The story of ‘Seinfeld’ and the famous Buddy Rich tapes
The famous Buddy Rich tapes went viral before there was an Internet. Rich, who today is regarded as one of the best Big Band drummers the world has ever seen, would perform with his bands onstage and when they didn’t play up to his standard he would take them back to the tour bus and berate them. But it wasn’t just yelling.
They were the type of rants that would inspire Rich to get into a groove of pure, vitriolic rage. It’s easy to picture him standing at the front of the bus absolutely blowing his stack and reminding himself of other things that annoyed him, then go into a violent spasm about that, too.
Well, one of his band members – maybe more, no one is quite sure of the exact details – had the good sense to start recording Rich when he flew off the handle. The tapes was passed around and somehow made its way into the ears of Jerry Seinfeld and Larry David, who used the recordings as a source of inspiration for Seinfeld. The comic rage was put to good use in “The Opposite” (when George discovers every instinct he’s ever had is wrong), “The Understudy” (where Elaine hires Frank Costanza to translate what the Korean women are saying about her) and “The Butter Shave” (when Jerry intentionally bombs onstage to sabotage Bania).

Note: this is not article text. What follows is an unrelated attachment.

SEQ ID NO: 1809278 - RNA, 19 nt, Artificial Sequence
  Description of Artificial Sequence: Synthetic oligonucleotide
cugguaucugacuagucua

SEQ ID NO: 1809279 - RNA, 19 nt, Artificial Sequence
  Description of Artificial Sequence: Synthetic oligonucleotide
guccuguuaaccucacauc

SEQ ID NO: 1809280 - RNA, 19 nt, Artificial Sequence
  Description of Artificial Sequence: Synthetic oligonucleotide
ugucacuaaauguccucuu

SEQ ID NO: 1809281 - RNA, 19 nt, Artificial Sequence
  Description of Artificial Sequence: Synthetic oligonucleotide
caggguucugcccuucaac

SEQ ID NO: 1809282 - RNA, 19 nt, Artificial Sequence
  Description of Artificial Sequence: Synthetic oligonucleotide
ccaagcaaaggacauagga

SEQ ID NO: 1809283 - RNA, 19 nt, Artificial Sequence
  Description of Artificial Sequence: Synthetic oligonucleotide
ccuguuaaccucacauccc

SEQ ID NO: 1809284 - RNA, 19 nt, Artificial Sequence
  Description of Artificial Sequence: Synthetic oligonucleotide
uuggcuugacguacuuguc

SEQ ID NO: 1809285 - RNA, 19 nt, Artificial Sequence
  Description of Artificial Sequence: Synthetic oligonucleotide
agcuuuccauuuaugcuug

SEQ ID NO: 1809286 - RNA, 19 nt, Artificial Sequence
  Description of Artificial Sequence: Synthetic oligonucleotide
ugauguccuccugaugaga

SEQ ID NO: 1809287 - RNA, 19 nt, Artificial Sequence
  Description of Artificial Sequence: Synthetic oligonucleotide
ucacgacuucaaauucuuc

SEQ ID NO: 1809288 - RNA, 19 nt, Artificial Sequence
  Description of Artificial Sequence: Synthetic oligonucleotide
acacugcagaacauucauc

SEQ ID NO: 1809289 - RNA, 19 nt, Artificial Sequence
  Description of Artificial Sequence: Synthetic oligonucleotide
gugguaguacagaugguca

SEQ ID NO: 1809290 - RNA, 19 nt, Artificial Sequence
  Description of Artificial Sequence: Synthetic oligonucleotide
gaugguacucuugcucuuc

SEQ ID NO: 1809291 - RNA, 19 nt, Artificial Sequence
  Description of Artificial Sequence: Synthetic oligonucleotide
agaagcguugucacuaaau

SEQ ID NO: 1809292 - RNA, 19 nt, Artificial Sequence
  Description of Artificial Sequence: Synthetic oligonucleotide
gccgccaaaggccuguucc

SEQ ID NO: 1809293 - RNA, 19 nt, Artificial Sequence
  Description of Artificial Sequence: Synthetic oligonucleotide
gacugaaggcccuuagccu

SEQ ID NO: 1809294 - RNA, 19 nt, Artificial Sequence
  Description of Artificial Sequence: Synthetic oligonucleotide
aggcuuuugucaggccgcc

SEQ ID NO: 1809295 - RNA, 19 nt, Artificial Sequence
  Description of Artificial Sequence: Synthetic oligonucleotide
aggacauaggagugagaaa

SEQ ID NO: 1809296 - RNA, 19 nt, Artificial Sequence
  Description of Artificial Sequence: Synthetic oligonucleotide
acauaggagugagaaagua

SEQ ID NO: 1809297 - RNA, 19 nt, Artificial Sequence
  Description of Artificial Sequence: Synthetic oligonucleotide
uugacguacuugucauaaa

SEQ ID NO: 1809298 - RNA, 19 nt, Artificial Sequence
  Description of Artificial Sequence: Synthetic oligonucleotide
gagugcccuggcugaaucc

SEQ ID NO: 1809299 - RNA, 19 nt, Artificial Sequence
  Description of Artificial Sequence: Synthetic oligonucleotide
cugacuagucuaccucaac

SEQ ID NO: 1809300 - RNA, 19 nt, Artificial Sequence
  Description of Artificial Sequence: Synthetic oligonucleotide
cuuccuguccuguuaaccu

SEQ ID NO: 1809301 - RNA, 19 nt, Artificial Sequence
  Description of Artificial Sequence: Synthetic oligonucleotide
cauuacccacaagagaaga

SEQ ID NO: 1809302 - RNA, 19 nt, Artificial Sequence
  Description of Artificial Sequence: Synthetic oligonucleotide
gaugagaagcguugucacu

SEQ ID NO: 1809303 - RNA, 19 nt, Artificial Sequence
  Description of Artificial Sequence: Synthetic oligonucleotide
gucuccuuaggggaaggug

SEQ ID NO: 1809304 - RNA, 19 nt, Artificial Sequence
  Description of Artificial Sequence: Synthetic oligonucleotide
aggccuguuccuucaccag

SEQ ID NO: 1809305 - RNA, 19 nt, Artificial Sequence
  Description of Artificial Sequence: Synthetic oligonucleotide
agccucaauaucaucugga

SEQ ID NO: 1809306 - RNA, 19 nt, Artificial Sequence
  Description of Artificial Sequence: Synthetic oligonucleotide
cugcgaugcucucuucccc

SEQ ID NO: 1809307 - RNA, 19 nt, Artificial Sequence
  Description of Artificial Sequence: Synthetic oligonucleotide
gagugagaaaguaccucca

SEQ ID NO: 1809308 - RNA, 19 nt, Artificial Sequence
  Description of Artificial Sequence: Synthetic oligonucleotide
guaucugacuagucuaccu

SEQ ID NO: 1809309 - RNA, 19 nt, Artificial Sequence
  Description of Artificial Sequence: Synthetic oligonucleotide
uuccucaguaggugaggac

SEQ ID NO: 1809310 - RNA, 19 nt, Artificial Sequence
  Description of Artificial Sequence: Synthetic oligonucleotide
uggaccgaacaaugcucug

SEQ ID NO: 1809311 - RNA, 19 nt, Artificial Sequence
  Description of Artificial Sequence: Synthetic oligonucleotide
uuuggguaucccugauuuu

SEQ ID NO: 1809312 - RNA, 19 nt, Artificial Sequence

Below is some of the audio from Rich’s ranting followed by Jerry’s explanation of he used it for the show.